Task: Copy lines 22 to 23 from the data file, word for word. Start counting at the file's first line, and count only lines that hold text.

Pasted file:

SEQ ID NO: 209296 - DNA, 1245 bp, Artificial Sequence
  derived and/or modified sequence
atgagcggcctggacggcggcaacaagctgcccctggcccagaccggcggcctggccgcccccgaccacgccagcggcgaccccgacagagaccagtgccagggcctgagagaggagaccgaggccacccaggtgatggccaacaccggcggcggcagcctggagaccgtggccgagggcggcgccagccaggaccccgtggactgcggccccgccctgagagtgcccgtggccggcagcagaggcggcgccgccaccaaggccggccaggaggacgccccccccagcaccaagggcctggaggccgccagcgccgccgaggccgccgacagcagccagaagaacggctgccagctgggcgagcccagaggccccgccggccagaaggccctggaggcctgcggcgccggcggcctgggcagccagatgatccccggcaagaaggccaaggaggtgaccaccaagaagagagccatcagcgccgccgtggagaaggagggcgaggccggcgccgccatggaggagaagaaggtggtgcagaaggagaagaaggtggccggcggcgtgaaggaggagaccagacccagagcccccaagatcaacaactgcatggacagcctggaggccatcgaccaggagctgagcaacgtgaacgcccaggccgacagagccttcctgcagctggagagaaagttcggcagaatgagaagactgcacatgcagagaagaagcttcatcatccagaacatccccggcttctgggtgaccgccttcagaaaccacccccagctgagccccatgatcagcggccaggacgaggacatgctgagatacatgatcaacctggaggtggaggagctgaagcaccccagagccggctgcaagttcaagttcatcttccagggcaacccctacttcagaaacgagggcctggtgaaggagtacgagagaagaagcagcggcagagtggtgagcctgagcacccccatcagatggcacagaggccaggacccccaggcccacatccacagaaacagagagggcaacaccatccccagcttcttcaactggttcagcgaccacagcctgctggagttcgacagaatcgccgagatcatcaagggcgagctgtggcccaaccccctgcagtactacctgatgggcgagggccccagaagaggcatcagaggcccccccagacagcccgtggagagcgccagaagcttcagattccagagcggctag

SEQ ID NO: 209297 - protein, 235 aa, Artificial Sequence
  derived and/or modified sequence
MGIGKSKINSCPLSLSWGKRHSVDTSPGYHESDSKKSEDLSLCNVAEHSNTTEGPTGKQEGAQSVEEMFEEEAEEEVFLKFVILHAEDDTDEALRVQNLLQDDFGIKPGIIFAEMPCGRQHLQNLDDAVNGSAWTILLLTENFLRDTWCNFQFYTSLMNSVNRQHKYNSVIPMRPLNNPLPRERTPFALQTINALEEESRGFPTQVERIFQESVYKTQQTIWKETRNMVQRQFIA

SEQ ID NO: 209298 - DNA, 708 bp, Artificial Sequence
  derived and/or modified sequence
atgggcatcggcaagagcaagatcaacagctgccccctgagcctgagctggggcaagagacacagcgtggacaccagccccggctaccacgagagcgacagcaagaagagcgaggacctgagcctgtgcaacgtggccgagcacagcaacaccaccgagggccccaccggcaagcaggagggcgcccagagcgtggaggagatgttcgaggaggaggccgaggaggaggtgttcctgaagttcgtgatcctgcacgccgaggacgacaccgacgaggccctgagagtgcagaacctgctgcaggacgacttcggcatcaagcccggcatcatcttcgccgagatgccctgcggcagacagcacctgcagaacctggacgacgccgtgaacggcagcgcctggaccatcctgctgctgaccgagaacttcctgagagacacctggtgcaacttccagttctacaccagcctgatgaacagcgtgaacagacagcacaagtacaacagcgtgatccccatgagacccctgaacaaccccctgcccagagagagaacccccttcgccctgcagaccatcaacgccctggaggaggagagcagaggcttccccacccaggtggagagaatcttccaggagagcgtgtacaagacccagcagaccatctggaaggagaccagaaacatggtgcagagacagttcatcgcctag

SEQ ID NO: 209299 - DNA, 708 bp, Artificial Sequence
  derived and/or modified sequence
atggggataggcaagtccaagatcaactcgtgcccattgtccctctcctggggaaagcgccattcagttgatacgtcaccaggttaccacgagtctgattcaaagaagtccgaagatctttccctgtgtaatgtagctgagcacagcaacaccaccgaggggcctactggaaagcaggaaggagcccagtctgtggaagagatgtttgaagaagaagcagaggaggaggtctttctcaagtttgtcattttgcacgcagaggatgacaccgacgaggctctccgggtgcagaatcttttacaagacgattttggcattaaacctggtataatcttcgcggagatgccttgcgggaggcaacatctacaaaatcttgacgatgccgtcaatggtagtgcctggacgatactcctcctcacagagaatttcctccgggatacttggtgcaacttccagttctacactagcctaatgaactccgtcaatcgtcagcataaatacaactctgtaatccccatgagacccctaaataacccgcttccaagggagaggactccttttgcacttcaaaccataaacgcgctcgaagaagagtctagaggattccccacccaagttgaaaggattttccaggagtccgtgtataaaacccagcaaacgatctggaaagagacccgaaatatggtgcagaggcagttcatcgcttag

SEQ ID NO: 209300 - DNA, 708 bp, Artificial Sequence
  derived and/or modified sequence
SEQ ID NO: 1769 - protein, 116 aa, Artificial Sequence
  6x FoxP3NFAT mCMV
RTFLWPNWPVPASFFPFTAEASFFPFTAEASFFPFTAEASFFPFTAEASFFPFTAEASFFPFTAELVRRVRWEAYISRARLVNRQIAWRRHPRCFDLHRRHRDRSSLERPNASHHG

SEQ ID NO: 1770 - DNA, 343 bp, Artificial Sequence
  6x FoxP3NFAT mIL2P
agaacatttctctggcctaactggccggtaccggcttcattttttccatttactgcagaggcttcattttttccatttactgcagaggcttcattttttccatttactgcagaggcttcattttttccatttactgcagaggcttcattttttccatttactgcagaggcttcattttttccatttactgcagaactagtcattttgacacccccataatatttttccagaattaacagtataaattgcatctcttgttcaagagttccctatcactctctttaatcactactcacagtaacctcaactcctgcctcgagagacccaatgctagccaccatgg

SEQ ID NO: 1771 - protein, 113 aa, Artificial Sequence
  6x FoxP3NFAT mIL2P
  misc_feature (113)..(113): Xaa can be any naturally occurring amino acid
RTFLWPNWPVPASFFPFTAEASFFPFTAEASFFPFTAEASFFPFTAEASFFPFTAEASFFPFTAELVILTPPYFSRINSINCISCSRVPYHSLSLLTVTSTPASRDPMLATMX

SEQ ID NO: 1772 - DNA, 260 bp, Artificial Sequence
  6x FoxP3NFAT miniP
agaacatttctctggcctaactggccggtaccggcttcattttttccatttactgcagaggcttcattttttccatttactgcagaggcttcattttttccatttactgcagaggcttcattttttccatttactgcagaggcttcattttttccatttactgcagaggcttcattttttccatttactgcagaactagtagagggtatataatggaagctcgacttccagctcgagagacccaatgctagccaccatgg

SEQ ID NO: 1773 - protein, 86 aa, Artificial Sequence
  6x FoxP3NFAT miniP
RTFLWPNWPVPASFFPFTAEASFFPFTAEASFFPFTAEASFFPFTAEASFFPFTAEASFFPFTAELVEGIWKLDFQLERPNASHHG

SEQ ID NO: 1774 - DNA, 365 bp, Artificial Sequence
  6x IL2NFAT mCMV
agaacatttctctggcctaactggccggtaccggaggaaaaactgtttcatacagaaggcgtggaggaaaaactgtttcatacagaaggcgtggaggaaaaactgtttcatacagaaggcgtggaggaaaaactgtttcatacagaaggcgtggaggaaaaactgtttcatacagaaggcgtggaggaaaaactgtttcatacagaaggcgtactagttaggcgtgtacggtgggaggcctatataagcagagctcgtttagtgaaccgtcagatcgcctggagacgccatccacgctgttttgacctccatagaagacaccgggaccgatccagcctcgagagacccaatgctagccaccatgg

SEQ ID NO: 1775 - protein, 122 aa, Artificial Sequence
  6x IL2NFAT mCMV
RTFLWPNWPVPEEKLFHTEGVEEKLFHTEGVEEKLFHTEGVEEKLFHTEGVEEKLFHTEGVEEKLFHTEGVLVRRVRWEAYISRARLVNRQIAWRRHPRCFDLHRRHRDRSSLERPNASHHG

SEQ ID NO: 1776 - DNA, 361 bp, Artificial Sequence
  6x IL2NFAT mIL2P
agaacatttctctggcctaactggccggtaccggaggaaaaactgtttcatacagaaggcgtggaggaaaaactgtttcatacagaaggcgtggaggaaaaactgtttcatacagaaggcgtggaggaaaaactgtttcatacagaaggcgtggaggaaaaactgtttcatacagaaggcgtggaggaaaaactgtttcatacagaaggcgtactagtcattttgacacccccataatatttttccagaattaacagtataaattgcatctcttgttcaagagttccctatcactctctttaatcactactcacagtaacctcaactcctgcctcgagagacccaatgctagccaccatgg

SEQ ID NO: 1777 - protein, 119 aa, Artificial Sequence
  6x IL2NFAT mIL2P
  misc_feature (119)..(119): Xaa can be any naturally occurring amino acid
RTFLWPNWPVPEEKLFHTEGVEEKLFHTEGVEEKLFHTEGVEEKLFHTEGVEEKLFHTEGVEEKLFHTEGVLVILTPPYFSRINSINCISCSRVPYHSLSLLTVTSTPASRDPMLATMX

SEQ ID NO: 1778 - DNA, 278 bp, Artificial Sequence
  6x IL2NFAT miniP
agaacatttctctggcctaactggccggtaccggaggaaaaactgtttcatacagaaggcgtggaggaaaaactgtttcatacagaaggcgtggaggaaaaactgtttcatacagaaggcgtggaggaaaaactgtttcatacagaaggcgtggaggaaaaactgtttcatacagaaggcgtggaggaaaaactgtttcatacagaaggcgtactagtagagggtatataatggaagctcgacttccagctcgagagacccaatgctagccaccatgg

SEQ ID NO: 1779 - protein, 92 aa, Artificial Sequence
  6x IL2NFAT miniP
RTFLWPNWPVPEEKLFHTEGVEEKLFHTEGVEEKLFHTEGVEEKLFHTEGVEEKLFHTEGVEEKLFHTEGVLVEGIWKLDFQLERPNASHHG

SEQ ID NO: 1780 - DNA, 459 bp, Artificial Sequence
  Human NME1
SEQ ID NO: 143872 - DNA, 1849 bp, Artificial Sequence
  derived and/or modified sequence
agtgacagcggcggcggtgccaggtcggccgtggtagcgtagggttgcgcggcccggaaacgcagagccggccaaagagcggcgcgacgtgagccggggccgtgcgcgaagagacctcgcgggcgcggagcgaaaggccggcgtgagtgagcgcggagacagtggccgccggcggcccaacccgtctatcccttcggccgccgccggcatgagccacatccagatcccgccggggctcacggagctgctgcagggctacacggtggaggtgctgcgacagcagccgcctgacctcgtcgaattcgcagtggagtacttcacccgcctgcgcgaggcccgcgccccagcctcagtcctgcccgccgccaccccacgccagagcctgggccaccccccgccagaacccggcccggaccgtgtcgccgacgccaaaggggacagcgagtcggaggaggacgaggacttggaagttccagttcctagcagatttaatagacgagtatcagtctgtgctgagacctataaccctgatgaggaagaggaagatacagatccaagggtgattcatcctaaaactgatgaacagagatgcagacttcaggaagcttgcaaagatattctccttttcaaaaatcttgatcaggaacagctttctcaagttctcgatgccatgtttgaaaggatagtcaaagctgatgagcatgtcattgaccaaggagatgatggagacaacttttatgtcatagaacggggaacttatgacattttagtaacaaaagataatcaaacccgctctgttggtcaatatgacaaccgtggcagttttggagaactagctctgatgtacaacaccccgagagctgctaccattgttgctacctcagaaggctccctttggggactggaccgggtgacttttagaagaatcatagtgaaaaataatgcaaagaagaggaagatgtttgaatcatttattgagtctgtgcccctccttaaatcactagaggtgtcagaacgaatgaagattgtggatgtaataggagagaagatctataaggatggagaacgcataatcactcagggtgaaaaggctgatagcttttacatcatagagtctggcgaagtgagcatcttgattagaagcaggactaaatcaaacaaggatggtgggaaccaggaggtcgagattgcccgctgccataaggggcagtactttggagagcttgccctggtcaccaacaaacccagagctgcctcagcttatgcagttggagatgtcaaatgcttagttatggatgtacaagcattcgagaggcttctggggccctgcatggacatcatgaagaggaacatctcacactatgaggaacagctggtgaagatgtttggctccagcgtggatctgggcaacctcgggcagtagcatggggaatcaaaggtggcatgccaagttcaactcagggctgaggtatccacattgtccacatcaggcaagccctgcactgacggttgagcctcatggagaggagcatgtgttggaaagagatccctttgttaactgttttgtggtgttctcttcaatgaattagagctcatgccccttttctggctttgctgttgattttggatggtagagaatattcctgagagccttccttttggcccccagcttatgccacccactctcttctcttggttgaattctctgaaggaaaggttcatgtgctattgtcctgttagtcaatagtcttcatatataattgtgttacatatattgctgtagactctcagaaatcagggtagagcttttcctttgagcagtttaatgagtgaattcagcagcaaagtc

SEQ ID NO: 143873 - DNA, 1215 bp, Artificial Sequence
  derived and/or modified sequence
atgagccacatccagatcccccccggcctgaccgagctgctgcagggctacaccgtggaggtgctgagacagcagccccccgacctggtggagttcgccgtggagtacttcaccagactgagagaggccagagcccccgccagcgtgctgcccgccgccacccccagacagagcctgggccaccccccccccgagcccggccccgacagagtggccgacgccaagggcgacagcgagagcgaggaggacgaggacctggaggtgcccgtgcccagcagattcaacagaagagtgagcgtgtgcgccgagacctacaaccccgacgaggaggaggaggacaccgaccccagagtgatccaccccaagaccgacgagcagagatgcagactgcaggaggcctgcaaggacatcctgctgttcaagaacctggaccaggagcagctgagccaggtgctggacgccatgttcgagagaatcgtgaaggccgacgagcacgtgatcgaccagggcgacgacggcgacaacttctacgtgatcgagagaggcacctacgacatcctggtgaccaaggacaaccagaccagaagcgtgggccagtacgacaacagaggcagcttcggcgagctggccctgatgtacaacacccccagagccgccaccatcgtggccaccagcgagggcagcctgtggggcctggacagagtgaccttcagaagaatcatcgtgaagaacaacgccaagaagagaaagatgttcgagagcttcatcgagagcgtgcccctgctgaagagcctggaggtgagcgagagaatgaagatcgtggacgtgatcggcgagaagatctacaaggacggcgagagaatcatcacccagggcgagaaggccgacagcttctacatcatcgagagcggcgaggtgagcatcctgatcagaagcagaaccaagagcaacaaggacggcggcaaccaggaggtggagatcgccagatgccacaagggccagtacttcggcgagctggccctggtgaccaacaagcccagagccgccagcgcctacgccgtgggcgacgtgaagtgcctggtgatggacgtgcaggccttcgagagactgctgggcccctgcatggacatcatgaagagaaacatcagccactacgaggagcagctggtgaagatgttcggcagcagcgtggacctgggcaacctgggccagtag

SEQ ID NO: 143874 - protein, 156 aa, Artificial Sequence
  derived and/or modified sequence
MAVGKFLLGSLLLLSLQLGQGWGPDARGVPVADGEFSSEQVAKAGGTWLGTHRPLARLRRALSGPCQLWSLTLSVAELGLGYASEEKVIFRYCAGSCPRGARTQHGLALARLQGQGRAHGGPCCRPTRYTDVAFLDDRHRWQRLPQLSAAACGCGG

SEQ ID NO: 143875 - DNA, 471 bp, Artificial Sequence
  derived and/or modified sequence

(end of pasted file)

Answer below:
  6x FoxP3NFAT mIL2P
  misc_feature (113)..(113): Xaa can be any naturally occurring amino acid